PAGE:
13 February 1872
We afterwards bought our horses.
I got and agreed to take the guide “Moon” who had come thro’ from Cambridge. The rest of the day was occupied in buying saddles, provisions &c. and preparation for our next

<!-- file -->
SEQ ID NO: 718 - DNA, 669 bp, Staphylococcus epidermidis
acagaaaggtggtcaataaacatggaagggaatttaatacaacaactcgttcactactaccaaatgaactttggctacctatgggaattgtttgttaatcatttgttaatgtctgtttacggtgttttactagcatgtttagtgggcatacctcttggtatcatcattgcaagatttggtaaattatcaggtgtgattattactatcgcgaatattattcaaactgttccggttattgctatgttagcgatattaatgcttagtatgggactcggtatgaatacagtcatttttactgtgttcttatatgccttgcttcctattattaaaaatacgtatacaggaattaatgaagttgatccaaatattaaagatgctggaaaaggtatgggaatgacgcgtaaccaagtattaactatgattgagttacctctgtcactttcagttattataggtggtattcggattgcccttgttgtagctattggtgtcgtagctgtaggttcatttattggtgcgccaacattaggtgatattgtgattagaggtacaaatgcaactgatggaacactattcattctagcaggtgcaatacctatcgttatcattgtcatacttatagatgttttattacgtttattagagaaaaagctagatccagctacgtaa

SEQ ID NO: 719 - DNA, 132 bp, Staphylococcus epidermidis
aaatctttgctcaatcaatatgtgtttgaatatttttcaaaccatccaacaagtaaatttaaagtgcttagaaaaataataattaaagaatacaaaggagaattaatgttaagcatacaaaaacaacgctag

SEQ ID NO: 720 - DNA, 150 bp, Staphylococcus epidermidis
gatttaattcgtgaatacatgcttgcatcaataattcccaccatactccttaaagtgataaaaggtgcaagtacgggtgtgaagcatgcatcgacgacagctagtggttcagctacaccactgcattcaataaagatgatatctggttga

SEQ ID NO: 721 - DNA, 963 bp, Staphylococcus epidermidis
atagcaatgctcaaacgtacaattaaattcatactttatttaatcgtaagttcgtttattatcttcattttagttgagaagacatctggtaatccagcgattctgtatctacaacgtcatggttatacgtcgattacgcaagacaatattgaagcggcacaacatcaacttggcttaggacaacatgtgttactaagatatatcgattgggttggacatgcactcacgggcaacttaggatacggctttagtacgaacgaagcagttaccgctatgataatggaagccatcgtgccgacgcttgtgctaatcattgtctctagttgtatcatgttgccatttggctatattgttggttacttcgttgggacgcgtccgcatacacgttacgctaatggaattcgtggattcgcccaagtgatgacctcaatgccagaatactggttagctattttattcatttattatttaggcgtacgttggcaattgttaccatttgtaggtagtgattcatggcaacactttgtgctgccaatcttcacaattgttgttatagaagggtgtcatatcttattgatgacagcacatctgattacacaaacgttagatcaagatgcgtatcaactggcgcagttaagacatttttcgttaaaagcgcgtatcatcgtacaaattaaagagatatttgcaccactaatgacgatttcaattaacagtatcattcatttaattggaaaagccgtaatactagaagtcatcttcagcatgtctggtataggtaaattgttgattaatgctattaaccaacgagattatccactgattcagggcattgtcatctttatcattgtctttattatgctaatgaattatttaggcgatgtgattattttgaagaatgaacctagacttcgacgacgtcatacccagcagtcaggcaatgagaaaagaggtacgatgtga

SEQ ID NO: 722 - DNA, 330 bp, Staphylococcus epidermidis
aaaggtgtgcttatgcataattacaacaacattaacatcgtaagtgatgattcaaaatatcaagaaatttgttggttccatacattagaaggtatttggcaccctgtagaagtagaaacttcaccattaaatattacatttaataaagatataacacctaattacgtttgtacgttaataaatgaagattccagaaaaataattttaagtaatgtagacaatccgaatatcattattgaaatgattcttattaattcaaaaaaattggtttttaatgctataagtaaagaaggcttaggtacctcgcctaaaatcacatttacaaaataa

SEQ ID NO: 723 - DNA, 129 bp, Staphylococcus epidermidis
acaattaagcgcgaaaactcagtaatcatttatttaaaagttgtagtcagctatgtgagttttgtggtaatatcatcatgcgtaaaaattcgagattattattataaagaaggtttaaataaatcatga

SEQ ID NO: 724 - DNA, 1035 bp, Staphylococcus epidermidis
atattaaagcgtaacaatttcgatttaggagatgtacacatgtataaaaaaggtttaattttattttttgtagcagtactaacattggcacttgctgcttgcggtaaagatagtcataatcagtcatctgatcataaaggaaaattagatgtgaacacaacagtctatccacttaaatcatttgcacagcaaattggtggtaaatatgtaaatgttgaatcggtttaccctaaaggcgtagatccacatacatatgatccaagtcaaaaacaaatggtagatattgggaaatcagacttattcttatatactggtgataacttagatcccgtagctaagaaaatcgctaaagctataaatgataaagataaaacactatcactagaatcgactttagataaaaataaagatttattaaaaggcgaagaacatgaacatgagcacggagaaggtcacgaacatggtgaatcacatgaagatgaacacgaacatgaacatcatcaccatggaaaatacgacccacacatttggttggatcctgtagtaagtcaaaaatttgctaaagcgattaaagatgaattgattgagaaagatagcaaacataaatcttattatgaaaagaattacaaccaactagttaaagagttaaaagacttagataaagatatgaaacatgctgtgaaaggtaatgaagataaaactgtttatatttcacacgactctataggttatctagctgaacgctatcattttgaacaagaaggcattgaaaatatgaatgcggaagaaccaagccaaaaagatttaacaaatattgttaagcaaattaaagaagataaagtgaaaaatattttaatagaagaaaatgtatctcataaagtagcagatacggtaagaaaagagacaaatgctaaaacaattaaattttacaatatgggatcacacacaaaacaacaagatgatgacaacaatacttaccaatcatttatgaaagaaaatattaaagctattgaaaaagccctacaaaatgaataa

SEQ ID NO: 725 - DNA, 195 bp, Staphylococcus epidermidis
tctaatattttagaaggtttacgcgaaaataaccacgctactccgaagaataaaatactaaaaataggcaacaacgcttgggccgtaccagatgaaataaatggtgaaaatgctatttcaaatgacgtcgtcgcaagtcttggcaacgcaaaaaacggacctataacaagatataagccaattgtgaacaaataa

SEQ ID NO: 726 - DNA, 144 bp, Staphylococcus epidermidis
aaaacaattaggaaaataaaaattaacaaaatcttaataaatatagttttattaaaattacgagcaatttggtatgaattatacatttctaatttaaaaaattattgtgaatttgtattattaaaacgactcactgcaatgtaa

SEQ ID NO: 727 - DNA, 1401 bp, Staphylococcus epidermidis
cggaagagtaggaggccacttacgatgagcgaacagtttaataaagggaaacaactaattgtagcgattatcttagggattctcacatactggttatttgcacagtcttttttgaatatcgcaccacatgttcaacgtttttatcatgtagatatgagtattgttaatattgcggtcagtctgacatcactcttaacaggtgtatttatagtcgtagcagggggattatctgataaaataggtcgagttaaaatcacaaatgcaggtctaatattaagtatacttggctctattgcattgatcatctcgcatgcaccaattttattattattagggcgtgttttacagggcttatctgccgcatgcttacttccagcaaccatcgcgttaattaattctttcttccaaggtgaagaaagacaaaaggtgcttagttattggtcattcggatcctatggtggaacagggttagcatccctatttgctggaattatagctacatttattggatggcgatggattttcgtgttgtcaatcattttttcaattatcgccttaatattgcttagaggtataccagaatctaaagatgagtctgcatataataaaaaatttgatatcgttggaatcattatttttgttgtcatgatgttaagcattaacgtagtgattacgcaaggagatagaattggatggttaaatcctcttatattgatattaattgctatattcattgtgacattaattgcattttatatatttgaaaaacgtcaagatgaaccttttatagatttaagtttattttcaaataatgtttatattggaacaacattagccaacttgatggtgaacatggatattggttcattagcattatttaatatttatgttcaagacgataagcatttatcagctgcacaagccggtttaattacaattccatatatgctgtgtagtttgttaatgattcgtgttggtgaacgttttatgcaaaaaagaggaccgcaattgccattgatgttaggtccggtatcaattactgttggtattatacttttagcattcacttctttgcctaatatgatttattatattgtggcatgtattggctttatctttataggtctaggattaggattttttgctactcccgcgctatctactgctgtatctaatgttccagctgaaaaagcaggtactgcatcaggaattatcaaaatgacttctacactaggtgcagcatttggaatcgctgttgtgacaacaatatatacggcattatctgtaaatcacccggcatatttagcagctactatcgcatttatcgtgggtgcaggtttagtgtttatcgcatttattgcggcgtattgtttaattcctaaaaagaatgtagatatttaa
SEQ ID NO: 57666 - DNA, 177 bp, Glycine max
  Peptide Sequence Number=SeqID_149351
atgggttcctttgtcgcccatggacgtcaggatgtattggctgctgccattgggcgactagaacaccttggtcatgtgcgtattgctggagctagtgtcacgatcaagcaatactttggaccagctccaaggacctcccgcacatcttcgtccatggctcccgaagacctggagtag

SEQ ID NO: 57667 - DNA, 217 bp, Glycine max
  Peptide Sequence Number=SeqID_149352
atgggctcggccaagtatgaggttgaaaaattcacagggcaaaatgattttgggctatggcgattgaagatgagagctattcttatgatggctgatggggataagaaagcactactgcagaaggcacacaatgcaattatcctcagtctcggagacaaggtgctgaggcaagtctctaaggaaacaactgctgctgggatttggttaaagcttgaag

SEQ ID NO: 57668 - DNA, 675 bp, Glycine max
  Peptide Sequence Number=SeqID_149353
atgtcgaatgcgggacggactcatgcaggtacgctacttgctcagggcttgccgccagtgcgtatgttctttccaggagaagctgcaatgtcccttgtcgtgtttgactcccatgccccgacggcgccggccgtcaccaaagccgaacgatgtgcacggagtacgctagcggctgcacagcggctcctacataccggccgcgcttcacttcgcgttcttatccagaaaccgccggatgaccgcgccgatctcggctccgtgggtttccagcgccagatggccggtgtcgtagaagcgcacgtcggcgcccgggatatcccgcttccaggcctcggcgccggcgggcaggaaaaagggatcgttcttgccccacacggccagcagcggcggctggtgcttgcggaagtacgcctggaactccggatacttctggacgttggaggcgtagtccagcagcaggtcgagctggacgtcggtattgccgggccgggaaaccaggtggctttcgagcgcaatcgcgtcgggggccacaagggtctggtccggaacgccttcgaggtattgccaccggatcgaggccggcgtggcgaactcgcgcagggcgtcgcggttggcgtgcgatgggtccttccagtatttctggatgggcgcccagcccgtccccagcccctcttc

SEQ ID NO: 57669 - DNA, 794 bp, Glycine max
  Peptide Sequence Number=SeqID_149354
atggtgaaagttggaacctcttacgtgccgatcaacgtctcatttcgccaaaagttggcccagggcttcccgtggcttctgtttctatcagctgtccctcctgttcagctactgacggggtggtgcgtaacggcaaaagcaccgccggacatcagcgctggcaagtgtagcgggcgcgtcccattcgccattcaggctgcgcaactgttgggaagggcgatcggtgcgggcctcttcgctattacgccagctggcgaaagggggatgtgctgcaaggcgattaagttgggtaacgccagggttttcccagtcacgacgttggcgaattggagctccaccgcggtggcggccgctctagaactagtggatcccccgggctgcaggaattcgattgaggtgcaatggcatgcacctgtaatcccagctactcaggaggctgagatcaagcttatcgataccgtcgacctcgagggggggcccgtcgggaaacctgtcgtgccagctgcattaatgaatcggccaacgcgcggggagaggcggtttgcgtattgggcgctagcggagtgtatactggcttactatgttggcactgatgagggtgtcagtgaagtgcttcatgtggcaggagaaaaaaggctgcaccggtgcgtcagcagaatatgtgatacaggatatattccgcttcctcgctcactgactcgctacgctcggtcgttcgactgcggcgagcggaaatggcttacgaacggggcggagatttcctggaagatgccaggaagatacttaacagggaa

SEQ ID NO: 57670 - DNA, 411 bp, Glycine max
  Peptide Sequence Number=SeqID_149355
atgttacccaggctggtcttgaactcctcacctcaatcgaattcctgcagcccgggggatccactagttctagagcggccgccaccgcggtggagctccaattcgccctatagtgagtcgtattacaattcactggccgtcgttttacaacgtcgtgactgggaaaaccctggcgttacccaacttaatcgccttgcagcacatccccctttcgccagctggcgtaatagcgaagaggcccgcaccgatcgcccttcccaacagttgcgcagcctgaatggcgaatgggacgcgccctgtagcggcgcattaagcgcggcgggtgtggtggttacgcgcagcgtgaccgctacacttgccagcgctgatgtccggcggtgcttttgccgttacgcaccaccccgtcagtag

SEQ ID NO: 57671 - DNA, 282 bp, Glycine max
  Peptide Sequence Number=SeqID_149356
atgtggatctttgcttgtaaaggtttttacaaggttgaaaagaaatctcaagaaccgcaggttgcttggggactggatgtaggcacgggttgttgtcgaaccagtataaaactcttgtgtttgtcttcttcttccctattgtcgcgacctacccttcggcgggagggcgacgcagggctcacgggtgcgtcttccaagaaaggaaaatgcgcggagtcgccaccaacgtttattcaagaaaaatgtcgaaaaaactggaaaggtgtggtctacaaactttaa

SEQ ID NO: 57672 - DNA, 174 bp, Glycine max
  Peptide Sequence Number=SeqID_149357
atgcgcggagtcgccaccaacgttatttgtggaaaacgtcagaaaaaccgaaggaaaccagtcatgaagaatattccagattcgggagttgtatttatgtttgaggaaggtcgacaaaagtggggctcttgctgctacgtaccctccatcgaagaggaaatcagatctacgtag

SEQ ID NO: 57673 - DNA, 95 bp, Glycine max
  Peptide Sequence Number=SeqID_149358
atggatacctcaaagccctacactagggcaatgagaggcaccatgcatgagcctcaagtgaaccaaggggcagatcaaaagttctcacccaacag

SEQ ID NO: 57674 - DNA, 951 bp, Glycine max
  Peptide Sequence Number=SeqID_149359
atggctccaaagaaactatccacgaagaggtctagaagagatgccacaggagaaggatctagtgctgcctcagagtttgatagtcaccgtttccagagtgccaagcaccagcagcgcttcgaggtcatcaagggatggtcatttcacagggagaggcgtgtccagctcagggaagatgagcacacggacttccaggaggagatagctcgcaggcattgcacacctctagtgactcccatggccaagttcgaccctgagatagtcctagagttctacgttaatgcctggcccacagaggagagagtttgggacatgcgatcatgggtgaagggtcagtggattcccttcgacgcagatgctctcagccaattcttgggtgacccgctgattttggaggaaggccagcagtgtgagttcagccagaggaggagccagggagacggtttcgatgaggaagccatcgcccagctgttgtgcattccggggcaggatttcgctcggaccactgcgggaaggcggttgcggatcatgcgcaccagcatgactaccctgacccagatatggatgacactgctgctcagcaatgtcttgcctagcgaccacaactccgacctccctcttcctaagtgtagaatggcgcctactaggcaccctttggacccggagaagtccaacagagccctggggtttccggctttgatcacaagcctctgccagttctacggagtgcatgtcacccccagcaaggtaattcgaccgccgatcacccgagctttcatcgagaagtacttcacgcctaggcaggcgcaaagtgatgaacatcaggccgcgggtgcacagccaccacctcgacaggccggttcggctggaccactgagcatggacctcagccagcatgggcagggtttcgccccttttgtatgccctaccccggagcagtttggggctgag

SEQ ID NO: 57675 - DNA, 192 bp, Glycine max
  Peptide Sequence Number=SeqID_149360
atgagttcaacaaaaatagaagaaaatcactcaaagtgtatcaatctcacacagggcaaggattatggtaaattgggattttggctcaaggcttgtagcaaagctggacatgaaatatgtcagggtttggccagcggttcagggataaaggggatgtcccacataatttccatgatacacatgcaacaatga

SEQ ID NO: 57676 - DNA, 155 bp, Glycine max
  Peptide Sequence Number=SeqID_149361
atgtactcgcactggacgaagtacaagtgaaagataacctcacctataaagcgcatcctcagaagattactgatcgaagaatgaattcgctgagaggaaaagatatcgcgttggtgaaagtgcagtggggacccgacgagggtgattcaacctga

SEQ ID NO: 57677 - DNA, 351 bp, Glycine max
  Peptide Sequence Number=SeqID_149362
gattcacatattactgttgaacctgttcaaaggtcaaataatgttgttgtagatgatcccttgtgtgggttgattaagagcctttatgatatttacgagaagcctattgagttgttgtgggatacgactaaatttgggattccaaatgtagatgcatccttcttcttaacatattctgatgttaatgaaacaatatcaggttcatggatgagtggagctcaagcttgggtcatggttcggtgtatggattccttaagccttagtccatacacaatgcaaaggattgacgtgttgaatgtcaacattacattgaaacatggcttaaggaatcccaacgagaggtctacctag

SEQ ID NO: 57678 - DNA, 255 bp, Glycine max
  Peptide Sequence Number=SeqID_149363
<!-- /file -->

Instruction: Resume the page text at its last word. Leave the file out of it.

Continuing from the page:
days start. We saw a lot of natives in attendance at the Land Court, administered by Mr Clarke, son of the Rev. Geo Clarke, Waimate Bay of Islands. By means of “beer” we got them to give us a “hucca” Song, which they did in style. A curious and most impressive performance they make of this, - working their eyes, arms, heads and bodies altogether, pulling horrible faces, and making a sort of deep breathing sound, then finishing their song in a high key, and finally bursting into roars of laughter. How these Maoris seem to enjoy life! They appear perfectly happy if they get enough to eat and drink. During the Wars in the vicinity of Poverty Bay they declined to stop the provisions in transit for our troops, preferring as they said, to fight well-fed warriors, and not famished Pakehas. (Who can tell if they had a lurking suspicion that the Pakeha would eat better if well fed?)